Setting up a lifestyle retirement

Helen is delighted with the appearance of racemes (flowers) on the macadamia trees. Photo: Catherine Fry.

Paul Gardiner and Helen Stockman have been putting the hard work in to set up a lifestyle business for their “retirement” and are one season away from seeing the fruits of their labour.

The couple, both from farming backgrounds, met through friends in 2000, and quickly realised that although their working lives had been non-farming, they both longed for a rural life.

“We started off our rural lifestyle with five acres near Karapiro and converted a largish stable block into cosy living quarters,” says Paul.

Both continued with their full time jobs, Helen with her dietetics and Paul working shifts at Kinleith pulp and paper mill.

“We spent any spare time planting an orchard and growing anything edible. We raised a few calves each spring to help pay the rates and keep the grass under control,” says Helen.

A desire to expand

By 2006 they realised five acres wasn’t big enough and jumped at the chance to buy 20 hectares and a house from a neighbour and sell the five acres. This extra pasture put them in a position to take on grazing dairy heifers.

In 2015 they took an opportunity to buy another neighbouring 20 hectares and house.

“The house and a few acres were subdivided off and sold within the family which meant we now had grandkids nearby. I was also able to have horses in my life again and share that with my granddaughter,” says Helen.

Helen and the family’s pet lambs. Photo: Catherine Fry.

Helen retired from her dietetic career in 2018, to work on the land full-time. Paul continues working four days a week at Kinleith mill.

The couple started looking into other options for their land, reducing stock numbers and introducing a commercial horticulture venture of some sort.

“Initially we considered organic gold kiwifruit, but it was difficult and expensive to get a licence to grow them,” says Paul.


They attended an open day at Torere Macadamias near Opotiki and were able to meet growers Vanessa Hayes and Rod Husband, tour the orchard and talk through the growing processes.

“After researching the climate in Karapiro, having soil tests done, calculating how many trees we would need for a viable commercial orchard and the costs, we decided to take on the challenge,” says Paul.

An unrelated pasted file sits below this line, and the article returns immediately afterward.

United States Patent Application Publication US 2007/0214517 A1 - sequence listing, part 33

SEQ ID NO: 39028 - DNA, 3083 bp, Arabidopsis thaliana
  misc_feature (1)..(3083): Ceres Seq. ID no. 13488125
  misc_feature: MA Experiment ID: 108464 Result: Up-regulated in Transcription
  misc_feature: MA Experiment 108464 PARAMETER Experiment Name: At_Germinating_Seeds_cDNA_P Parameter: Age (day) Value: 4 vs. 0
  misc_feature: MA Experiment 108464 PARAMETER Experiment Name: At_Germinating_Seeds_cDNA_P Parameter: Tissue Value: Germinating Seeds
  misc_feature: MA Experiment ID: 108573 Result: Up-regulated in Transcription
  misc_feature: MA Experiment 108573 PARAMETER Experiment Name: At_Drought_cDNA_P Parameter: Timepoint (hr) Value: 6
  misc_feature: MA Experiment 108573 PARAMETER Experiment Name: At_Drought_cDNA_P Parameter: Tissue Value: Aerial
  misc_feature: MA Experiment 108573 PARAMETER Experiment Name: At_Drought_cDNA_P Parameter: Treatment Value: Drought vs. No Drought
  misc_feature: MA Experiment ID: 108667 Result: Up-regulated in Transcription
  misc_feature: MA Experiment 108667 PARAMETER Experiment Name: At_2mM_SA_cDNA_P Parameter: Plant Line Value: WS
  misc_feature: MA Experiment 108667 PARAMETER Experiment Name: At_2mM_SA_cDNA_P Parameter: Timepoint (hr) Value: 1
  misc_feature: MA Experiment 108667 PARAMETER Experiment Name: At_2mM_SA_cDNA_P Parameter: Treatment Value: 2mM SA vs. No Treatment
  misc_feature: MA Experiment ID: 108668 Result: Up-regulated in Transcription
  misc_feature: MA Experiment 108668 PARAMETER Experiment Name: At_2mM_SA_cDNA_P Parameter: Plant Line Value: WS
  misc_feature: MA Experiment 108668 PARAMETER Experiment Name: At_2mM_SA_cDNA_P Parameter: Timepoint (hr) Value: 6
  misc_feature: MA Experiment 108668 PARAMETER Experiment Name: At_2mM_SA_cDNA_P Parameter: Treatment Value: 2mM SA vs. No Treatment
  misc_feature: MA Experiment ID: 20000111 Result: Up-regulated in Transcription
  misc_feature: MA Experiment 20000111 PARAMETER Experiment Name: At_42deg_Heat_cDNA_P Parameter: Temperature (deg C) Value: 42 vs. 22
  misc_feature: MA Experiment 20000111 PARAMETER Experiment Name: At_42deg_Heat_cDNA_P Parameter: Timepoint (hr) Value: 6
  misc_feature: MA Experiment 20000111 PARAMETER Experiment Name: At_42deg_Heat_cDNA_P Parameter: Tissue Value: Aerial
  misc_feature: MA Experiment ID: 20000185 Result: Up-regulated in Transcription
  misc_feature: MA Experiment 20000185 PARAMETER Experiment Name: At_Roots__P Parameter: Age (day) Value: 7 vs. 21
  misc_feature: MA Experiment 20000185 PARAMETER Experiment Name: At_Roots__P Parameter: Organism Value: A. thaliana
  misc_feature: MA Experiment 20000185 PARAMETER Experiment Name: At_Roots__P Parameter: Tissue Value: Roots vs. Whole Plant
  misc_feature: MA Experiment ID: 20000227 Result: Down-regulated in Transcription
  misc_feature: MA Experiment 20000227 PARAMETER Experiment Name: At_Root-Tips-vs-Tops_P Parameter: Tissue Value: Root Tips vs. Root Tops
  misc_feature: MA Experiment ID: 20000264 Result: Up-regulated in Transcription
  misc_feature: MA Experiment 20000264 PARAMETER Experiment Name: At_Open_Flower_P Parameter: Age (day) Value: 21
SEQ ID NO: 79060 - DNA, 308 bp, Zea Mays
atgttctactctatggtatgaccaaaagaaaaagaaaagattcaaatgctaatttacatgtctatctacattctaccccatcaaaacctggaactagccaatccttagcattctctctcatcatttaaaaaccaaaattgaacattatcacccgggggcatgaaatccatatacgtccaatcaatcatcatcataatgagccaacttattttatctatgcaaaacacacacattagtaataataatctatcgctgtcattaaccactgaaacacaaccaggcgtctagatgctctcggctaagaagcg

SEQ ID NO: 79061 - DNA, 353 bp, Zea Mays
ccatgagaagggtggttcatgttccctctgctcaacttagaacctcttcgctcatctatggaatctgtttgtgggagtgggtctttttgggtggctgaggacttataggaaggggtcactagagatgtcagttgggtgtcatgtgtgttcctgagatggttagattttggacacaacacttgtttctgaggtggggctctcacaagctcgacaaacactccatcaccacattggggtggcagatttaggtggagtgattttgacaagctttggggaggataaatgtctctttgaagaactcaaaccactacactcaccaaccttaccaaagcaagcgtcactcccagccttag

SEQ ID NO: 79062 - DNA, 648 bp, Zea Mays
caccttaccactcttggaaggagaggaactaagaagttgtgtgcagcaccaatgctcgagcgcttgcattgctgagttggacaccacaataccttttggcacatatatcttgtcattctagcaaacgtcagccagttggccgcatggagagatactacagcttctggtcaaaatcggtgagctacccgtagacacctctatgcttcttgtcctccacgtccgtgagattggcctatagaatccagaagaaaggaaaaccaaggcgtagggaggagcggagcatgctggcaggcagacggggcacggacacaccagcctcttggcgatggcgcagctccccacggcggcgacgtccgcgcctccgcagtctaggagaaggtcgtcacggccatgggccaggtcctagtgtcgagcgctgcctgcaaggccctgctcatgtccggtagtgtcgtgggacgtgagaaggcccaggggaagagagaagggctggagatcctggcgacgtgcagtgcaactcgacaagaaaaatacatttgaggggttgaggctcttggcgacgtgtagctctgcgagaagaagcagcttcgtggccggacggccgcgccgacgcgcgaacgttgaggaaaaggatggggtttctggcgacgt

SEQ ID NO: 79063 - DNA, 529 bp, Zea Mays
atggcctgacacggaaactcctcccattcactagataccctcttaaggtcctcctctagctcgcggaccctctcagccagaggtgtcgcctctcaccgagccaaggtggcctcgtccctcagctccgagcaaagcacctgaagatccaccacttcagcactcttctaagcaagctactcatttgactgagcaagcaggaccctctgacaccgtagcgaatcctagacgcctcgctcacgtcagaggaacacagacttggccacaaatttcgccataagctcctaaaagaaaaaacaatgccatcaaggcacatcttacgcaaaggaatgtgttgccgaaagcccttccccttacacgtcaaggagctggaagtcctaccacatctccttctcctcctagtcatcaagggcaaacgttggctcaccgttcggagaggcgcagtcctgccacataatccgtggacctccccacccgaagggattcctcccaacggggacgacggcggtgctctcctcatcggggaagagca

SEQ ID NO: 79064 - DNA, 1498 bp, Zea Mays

1500 grafted trees were ordered from the Torere nursery for delivery in stages and during the 12 to 18 month wait, there was time to ready the ground for planting, get fertiliser advice, and find some wind and frost protection for the young trees.

Racemes are the flower sprays that yield nuts on macadamias. Photo: Catherine Fry.

“Covid-19 happened right in the middle, and we thought the project would be delayed, but we were delighted that farming life continued and once all the lockdowns were over, Vanessa and Rod had our first delivery ready in October 2020,” says Paul.

Establishing the orchard

“The family enjoyed helping us plant the first 500 trees, with everyone having a turn at using the shovel and wheelbarrow,” says Helen.

It takes four years of nurturing for the trees to mature and produce their first nuts.

“That first hot summer, in desperation I filled up our 400 litre calfateria, towed it up the hill behind the quad bike, and watered each plant,” says Helen.

They lost a few trees along the way and they both admit it has been a very steep learning curve with much more still to learn.

Paul invented the tree covers used for wind and frost protection. Photo: Catherine Fry.

There are options for the use of the grass strips between the rows including mowing for hay and grazing for the horses while there are still covers on the trees.

Internet searches for suitable wind and frost protection didn’t find anything that was appropriate, so Paul took matters into his own hands.

“Apart from buying frost cloth, my prototypes were made from no. 8 wire, wire posts and clips that we had around the farm.

“I found that a circular shape was more robust in the wind and makes mowing easier,” says Paul.

When No.8 wire proved to be too soft, Paul started using high tensile no.8 wire. Helen kept busy sewing the initial 500 covers. As winter frosts hit, the covers proved to be effective, also allowing easy access for weeding, mulching and a straightforward, fast way to open the tops to allow sunlight in on hot days.

Their venture went commercial in 2022 under the name Vitalitree, selling locally in the Waikato and BOP as post-Covid freight costs are challenging. The sewing is now mostly outsourced allowing more time for orchard management.

The couple entered the Innovation Awards at the 2022 Fieldays, and while they didn’t take home an award, there was much interest in their product.

Spring 2023 was cause for excitement as the first racemes (flower sprays) appeared, a sign that things are on track and the trees are healthy and thriving, but the patient wait for the first harvest will continue to 2024.


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